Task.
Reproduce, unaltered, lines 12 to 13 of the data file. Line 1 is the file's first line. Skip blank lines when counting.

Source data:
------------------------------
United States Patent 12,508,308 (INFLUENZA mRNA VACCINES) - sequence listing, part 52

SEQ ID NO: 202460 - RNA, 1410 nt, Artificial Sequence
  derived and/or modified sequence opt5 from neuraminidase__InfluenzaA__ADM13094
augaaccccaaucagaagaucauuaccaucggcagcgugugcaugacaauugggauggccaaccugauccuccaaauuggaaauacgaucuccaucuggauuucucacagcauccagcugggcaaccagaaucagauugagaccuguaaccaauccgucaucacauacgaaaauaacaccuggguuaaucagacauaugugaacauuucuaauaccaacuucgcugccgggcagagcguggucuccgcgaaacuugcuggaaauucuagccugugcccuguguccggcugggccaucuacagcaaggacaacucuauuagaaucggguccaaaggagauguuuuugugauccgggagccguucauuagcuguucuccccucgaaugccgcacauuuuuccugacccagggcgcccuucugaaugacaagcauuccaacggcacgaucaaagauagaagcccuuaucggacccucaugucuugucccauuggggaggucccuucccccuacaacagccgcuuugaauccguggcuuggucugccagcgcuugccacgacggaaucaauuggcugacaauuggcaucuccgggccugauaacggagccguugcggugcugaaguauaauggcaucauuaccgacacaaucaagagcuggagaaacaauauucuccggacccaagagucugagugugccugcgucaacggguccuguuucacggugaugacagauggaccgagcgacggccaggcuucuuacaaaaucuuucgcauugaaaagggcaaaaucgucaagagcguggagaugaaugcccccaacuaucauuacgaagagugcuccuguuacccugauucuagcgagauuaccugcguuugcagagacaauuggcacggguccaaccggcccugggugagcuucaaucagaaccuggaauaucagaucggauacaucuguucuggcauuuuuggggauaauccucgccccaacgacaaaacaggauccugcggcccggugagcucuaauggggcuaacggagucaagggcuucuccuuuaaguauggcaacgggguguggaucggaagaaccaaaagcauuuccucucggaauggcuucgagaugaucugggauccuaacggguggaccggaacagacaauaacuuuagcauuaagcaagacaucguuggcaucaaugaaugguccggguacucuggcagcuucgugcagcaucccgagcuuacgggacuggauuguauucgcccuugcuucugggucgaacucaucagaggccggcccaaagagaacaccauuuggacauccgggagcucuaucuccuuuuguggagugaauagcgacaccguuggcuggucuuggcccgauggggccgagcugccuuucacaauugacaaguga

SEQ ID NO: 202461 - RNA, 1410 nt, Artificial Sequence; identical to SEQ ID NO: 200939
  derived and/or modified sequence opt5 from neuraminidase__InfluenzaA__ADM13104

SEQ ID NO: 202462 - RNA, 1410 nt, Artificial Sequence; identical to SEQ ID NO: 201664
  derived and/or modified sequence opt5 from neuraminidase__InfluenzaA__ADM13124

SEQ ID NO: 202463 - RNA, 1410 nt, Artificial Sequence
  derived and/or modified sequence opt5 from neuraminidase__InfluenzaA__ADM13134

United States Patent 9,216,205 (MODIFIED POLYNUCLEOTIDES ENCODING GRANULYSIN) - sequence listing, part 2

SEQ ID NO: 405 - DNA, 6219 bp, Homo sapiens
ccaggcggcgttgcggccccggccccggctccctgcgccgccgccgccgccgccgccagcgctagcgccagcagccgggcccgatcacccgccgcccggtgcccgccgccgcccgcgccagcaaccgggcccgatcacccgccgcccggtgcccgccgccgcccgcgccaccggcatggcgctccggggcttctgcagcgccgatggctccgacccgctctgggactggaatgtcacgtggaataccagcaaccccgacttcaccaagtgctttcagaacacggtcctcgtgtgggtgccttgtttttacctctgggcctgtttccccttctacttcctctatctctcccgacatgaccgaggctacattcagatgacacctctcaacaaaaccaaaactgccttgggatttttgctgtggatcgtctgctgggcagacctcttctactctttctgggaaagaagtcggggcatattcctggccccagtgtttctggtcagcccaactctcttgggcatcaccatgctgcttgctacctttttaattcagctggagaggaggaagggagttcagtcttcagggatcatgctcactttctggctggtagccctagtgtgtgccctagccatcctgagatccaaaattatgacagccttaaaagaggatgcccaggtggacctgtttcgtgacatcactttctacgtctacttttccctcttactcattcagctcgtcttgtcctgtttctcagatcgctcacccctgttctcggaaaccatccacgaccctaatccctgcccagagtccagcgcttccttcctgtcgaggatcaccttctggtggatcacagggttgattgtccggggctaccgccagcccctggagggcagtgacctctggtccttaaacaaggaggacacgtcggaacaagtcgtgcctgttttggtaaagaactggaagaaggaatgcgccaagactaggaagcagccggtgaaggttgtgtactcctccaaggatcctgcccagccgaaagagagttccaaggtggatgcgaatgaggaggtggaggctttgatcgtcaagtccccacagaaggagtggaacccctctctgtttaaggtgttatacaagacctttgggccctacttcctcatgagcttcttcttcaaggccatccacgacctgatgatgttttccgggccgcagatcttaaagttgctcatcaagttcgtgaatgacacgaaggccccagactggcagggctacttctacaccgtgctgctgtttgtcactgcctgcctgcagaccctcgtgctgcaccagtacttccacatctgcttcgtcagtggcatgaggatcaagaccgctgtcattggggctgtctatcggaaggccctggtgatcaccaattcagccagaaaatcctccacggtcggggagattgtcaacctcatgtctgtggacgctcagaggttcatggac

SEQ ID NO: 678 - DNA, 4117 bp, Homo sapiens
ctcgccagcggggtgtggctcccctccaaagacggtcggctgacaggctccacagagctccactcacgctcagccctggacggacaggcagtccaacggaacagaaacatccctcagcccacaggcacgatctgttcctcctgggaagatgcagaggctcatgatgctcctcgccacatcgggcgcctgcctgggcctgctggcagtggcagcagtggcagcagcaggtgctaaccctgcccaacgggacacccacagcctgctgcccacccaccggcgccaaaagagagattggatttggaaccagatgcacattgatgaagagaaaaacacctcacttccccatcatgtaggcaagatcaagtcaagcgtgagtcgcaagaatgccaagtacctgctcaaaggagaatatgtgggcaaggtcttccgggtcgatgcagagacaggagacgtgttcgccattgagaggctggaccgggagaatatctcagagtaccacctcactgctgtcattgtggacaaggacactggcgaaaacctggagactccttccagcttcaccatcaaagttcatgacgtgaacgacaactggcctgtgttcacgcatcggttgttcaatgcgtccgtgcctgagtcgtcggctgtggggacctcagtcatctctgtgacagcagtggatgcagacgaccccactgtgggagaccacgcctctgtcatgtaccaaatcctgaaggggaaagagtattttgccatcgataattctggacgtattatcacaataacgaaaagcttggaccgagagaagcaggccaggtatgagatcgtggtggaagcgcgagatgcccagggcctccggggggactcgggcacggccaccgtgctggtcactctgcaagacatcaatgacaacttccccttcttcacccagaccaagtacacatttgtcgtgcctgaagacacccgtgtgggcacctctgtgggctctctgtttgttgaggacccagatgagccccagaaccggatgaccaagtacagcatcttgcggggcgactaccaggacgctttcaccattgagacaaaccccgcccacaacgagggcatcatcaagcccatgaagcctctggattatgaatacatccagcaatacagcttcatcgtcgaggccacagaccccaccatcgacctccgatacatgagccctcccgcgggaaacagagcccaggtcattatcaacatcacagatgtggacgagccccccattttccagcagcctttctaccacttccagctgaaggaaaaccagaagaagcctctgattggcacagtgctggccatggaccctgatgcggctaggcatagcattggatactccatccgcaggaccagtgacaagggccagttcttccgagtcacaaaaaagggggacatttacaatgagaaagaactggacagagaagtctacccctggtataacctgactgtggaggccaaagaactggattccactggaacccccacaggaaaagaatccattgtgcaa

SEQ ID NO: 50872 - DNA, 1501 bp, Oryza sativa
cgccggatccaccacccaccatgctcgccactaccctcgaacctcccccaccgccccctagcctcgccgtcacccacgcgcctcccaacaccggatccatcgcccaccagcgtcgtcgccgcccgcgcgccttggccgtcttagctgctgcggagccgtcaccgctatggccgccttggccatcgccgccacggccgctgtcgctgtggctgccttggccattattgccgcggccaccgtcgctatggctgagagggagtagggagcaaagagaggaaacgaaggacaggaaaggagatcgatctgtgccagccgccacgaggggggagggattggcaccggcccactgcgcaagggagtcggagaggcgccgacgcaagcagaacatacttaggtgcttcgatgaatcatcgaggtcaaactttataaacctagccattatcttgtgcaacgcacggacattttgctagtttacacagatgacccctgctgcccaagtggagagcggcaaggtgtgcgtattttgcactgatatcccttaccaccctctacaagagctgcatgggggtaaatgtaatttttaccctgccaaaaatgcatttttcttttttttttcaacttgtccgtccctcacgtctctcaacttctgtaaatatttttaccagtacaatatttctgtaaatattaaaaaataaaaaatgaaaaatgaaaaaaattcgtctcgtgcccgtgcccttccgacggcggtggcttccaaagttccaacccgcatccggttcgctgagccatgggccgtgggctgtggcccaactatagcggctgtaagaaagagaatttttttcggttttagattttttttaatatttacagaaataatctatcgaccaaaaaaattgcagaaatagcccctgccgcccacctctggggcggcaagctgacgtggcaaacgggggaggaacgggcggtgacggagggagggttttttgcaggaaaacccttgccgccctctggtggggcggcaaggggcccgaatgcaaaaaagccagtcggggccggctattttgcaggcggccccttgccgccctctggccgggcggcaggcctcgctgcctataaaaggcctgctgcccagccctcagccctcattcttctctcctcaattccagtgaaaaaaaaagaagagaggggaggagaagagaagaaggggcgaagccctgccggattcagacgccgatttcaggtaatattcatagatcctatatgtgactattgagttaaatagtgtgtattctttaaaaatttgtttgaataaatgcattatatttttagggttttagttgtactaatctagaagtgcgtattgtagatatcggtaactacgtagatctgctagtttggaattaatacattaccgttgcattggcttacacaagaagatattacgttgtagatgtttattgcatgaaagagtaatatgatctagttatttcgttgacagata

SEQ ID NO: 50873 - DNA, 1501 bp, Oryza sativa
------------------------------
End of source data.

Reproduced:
SEQ ID NO: 405 - DNA, 6219 bp, Homo sapiens
ccaggcggcgttgcggccccggccccggctccctgcgccgccgccgccgccgccgccagcgctagcgccagcagccgggcccgatcacccgccgcccggtgcccgccgccgcccgcgccagcaaccgggcccgatcacccgccgcccggtgcccgccgccgcccgcgccaccggcatggcgctccggggcttctgcagcgccgatggctccgacccgctctgggactggaatgtcacgtggaataccagcaaccccgacttcaccaagtgctttcagaacacggtcctcgtgtgggtgccttgtttttacctctgggcctgtttccccttctacttcctctatctctcccgacatgaccgaggctacattcagatgacacctctcaacaaaaccaaaactgccttgggatttttgctgtggatcgtctgctgggcagacctcttctactctttctgggaaagaagtcggggcatattcctggccccagtgtttctggtcagcccaactctcttgggcatcaccatgctgcttgctacctttttaattcagctggagaggaggaagggagttcagtcttcagggatcatgctcactttctggctggtagccctagtgtgtgccctagccatcctgagatccaaaattatgacagccttaaaagaggatgcccaggtggacctgtttcgtgacatcactttctacgtctacttttccctcttactcattcagctcgtcttgtcctgtttctcagatcgctcacccctgttctcggaaaccatccacgaccctaatccctgcccagagtccagcgcttccttcctgtcgaggatcaccttctggtggatcacagggttgattgtccggggctaccgccagcccctggagggcagtgacctctggtccttaaacaaggaggacacgtcggaacaagtcgtgcctgttttggtaaagaactggaagaaggaatgcgccaagactaggaagcagccggtgaaggttgtgtactcctccaaggatcctgcccagccgaaagagagttccaaggtggatgcgaatgaggaggtggaggctttgatcgtcaagtccccacagaaggagtggaacccctctctgtttaaggtgttatacaagacctttgggccctacttcctcatgagcttcttcttcaaggccatccacgacctgatgatgttttccgggccgcagatcttaaagttgctcatcaagttcgtgaatgacacgaaggccccagactggcagggctacttctacaccgtgctgctgtttgtcactgcctgcctgcagaccctcgtgctgcaccagtacttccacatctgcttcgtcagtggcatgaggatcaagaccgctgtcattggggctgtctatcggaaggccctggtgatcaccaattcagccagaaaatcctccacggtcggggagattgtcaacctcatgtctgtggacgctcagaggttcatggac